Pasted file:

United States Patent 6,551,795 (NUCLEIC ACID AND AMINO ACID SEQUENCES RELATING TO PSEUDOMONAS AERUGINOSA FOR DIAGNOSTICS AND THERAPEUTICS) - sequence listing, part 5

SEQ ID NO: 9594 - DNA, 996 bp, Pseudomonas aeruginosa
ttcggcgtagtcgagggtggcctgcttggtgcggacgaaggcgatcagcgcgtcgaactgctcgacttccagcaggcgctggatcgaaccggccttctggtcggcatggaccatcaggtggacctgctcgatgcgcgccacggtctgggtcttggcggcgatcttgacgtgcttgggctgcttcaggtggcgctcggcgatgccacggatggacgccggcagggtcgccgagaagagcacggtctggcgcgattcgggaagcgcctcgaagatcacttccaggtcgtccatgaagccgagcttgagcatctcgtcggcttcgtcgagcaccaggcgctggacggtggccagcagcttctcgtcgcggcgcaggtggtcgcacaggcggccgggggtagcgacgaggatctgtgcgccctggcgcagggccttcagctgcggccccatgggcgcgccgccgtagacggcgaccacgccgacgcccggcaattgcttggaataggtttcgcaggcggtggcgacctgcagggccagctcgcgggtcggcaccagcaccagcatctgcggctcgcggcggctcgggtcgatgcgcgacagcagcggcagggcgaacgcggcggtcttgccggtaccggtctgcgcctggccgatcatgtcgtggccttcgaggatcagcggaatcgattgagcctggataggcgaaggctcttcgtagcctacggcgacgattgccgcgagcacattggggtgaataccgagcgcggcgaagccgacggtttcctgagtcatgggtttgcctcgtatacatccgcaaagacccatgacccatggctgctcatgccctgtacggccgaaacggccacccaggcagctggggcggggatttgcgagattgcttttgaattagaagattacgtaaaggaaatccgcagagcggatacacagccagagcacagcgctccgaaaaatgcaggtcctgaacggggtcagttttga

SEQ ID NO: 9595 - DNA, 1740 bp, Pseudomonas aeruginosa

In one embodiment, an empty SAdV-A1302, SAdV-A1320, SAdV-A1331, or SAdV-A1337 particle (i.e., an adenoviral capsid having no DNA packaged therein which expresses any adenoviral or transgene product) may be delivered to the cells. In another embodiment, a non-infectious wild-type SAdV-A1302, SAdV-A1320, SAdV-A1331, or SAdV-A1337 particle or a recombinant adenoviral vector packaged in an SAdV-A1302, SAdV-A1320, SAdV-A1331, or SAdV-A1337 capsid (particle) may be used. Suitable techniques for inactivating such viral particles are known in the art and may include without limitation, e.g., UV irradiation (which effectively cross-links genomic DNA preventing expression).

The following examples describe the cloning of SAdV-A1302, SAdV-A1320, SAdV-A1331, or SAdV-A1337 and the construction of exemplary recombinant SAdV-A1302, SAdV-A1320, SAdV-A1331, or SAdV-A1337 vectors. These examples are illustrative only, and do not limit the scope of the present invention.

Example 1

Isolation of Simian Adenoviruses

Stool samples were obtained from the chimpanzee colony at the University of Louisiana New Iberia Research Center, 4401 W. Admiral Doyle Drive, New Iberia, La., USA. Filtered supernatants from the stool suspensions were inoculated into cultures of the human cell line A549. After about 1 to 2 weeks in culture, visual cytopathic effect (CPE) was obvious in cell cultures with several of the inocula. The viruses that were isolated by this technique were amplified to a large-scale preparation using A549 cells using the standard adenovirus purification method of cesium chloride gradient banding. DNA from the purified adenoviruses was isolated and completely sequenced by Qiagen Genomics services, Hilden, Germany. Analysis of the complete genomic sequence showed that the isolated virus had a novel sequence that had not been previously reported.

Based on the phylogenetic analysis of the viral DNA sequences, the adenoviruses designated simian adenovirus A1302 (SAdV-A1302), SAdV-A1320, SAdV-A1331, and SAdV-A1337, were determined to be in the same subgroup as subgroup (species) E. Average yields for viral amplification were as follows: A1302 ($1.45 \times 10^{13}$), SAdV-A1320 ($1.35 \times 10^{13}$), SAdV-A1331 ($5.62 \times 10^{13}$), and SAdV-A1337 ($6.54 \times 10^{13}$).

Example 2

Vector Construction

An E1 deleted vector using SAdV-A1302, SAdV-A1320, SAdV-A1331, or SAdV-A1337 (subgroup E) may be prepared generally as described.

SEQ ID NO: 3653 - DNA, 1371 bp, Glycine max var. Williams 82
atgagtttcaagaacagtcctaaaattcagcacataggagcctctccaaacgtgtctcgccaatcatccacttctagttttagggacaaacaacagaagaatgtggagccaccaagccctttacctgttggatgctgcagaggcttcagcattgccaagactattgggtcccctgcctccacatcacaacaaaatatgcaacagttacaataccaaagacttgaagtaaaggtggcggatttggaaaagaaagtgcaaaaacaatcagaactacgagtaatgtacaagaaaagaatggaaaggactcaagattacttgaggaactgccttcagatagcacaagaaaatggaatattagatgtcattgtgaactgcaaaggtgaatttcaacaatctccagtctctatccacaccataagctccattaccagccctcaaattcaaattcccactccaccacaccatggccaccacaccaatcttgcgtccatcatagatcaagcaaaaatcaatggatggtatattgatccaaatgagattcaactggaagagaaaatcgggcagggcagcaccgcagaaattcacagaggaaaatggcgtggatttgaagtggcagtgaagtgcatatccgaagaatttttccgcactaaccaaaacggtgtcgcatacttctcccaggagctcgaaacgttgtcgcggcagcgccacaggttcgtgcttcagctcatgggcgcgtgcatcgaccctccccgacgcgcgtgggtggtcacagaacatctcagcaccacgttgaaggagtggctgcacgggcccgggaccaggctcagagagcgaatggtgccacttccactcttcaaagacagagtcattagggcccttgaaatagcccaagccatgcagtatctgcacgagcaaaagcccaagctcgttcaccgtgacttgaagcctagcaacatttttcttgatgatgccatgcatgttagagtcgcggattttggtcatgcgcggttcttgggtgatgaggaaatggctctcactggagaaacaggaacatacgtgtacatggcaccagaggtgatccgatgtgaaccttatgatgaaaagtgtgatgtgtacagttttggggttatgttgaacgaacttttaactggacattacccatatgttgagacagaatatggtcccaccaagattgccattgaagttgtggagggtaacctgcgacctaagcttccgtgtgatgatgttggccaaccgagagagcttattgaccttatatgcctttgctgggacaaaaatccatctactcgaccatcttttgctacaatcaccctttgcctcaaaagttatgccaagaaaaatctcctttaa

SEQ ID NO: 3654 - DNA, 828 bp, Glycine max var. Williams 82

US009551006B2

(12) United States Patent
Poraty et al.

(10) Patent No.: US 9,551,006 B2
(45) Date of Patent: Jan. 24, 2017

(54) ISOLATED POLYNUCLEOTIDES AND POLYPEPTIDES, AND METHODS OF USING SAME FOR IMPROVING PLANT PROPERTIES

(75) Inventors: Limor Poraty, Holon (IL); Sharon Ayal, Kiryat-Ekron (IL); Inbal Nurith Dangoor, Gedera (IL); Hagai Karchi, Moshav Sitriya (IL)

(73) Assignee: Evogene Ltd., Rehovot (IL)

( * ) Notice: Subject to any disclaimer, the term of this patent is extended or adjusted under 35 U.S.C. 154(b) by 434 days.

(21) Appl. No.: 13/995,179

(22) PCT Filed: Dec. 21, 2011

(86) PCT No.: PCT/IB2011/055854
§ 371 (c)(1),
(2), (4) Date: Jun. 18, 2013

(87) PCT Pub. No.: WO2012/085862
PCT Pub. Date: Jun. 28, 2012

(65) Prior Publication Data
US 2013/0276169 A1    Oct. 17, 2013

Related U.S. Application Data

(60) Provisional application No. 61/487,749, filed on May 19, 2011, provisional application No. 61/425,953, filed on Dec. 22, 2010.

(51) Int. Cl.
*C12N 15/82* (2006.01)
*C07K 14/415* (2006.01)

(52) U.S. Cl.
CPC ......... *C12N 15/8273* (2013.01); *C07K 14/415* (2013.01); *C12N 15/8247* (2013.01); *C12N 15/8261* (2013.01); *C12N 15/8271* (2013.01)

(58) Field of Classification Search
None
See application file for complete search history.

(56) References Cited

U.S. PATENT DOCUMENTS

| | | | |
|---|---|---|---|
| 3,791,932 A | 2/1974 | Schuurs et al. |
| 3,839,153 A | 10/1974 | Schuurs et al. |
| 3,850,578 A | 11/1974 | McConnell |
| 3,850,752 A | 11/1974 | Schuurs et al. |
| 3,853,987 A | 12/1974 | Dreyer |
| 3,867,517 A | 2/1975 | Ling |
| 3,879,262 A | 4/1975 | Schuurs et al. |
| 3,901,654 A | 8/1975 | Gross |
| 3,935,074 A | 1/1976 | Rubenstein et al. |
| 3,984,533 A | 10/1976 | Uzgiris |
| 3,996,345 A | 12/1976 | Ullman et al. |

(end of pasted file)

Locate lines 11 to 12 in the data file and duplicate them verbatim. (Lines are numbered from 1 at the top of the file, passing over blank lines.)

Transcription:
Example 2

Vector Construction